Opposition wants Cha, Choi projects scrapped

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Opposition wants Cha, Choi projects scrapped

Opposition party lawmakers demanded a complete scrapping of budgets at the Ministry of Culture, Sports, and Tourism that directly involve the president’s friend, Choi Soon-sil, and her confidant, Cha Eun-taek, including the controversial Cultural Creation and Convergence Belt with a budget set aside for next year of 127.8 billion won ($111.2 million).

“Among budgets planned for 2016 to 2020, those projects related to culture and creative economy initiatives show the highest expansion,” said a statement made during a press conference at the National Assembly by six People’s Party lawmakers, including Rep. Kim Dong-cheol. The lawmakers are also members of the Assembly’s Special Committee on Budget and Accounts. “Many of them appear to have been planned for the personal benefit of Choi and her friends.”

Choi and Cha, her confidant and a TV commercial director, are accused of unfairly winning extravagant government budgets for about 20 projects at the Culture Ministry and embezzling some of the money for personal use. Choi is at the center of allegations that she meddled in top state affairs. According to the People’s Party lawmakers, the budget allotted at the Culture Ministry next year for projects related to Choi and Cha amounts to 273.4 billion won. The Cultural Creation and Convergence Belt is a project run by the Creative Economy Initiative Public-Private Partnership, a key signature initiative of the Park Geun-hye administration. The project began with rave approval by President Park.

“We will assist the works of Cultural Creation and Convergence Belt so that it will be the central platform in the cultural content industry,” Park said at the opening ceremony of the headquarters of the Creative Economy Initiative in February last year.

Cha was brought on as a co-head of the Creative Economy Initiative in April last year, and wherever he was involved, budgets jumped exponentially. Cha’s tenure at the Creative Economy Initiative ended in June this year. The budget for the Cultural Creation and Convergence Belt in its first year, 2014, was 7.1 billion won. It jumped to 11.9 billion won the following year, when Cha took charge, and then to 90.3 billion won in 2016, 127.8 billion won in 2017, 187 billion won in 2018, and 187 billion won in 2019.

The Culture Ministry’s records also contain cases where Choi and Cha planned projects and the ministry swiftly created a budget for it. Korea Aid, an overseas development project run by the Mi-R and K-Sports foundations, where Cha and Choi are reportedly de facto heads, was budgeted to spend 14.3 billion won next year, though it had no apparent goals or plans. Another project suspected to have been directly or indirectly run by Choi and Cha was one to create a concert arena for K-pop shows, which had a budget of 1.5 billion won in 2015, but blew up to 23.7 billion won for 2017.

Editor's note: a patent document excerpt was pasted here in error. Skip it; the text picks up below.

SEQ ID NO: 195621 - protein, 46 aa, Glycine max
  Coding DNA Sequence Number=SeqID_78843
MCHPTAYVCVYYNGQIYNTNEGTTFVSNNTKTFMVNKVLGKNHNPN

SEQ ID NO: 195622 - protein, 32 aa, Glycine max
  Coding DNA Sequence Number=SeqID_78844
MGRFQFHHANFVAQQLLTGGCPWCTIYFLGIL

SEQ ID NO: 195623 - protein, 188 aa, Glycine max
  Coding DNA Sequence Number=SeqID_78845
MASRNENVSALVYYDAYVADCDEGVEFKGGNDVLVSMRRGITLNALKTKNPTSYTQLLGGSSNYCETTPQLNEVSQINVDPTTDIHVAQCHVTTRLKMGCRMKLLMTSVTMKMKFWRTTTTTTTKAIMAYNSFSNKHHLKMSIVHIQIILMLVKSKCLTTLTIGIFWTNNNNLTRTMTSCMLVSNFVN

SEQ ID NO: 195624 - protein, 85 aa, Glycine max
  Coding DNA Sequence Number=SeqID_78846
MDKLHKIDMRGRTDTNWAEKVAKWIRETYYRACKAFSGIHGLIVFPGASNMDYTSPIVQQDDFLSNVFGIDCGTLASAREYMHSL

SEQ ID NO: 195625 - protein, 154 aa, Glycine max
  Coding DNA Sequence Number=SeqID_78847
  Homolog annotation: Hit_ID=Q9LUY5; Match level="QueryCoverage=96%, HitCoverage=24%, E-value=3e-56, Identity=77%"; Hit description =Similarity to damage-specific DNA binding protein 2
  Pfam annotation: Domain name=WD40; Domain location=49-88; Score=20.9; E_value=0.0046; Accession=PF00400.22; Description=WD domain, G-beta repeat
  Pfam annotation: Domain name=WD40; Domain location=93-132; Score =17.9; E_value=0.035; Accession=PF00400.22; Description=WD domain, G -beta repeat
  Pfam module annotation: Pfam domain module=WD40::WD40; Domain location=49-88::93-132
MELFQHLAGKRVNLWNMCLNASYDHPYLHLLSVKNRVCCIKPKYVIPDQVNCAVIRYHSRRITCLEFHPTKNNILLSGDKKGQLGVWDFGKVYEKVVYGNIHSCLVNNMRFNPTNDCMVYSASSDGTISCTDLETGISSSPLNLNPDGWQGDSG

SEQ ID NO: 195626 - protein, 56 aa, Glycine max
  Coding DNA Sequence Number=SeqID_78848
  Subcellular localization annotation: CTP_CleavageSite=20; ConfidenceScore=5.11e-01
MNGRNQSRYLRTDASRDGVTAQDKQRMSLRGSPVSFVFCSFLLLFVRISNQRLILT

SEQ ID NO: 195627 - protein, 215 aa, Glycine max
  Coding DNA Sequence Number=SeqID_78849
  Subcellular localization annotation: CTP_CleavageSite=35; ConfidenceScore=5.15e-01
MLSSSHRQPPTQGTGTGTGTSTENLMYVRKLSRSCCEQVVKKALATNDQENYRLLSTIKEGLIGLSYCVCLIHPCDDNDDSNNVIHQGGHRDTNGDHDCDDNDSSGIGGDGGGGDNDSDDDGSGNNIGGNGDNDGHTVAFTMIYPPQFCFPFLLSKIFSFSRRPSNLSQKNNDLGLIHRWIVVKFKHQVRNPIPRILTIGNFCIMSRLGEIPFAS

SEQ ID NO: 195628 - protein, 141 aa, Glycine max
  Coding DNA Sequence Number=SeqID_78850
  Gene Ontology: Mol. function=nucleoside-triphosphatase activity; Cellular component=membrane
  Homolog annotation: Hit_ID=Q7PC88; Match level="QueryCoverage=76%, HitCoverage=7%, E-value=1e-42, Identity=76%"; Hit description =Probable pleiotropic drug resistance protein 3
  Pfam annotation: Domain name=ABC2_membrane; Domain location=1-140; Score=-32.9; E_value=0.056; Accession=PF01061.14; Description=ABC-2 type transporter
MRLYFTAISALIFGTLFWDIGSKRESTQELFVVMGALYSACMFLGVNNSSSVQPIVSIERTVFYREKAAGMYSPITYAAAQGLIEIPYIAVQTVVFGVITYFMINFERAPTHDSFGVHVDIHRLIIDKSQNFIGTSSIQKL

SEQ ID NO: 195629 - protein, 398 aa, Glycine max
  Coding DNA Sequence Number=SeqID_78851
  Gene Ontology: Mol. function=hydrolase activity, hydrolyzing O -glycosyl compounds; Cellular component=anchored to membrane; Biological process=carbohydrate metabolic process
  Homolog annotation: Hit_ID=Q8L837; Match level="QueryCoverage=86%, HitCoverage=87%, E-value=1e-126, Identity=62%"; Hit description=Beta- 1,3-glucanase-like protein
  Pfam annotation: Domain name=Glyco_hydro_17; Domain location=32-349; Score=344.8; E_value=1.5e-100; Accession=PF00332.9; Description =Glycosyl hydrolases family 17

Yet another ministry project suspected to have been run by Cha and Choi was one to build a Korean cultural center abroad, which had a budget of 39.5 billion won in 2015 but jumped to 97.9 billion won for 2017.

The Culture Ministry also spent 2.3 billion won over the past two years on supporting operations of the Presidential Committee for Cultural Enrichment, where Cha was a member in 2014. But according to the records of the committee obtained by opposition lawmakers, all that the committee did was hold internal meetings.

“Records show that the budget [for certain projects] at the Culture Ministry was written as Choi wished,” said a representative of the People’s Party, who asked not to be named.

And some funds seemed to have found their way into the pockets of Choi and Cha’s friends and confidants. Song Sung-gak, former president and CEO of the Korea Creative Content Agency (Kocca), who resigned on Monday, is one of them. Song, a longtime friend of Cha, became CEO of Kocca in December 2014. Critics suspect Cha may have helped Song get promoted to this post because then-culture minister, Kim Jong-deok, was Cha’s professor at Hongik Graduate School of Film and Digital Media.

The next year, Kocca’s budget grew to 331 billion won, a growth of 33.6 percent compared to its 2015 budget, despite the fact that all of Kocca’s projects were to end within 1.5 years. Allegations state that Cha granted 76 billion won out of the Cultural Creation and Convergence Belt’s 90.3 billion won budget to Song. Prosecutors seized and searched Song’s house and offices on Wednesday.

“The Culture Ministry will be investigating and making amends to all projects at the ministry that have not kept to regulations,” said Cho Yoon-sun, minister of culture, on Tuesday. “Even if the allegations [concerning Choi and Cha] are not proven, all projects where the two may have been involved will be put to a stop, and those found to have clear relations with the two will be scrapped.”

BY CHAE YOON-KYUNG, JEONG A-RAM AND ESTHER CHUNG [chung.juhee@joongang.co.kr]
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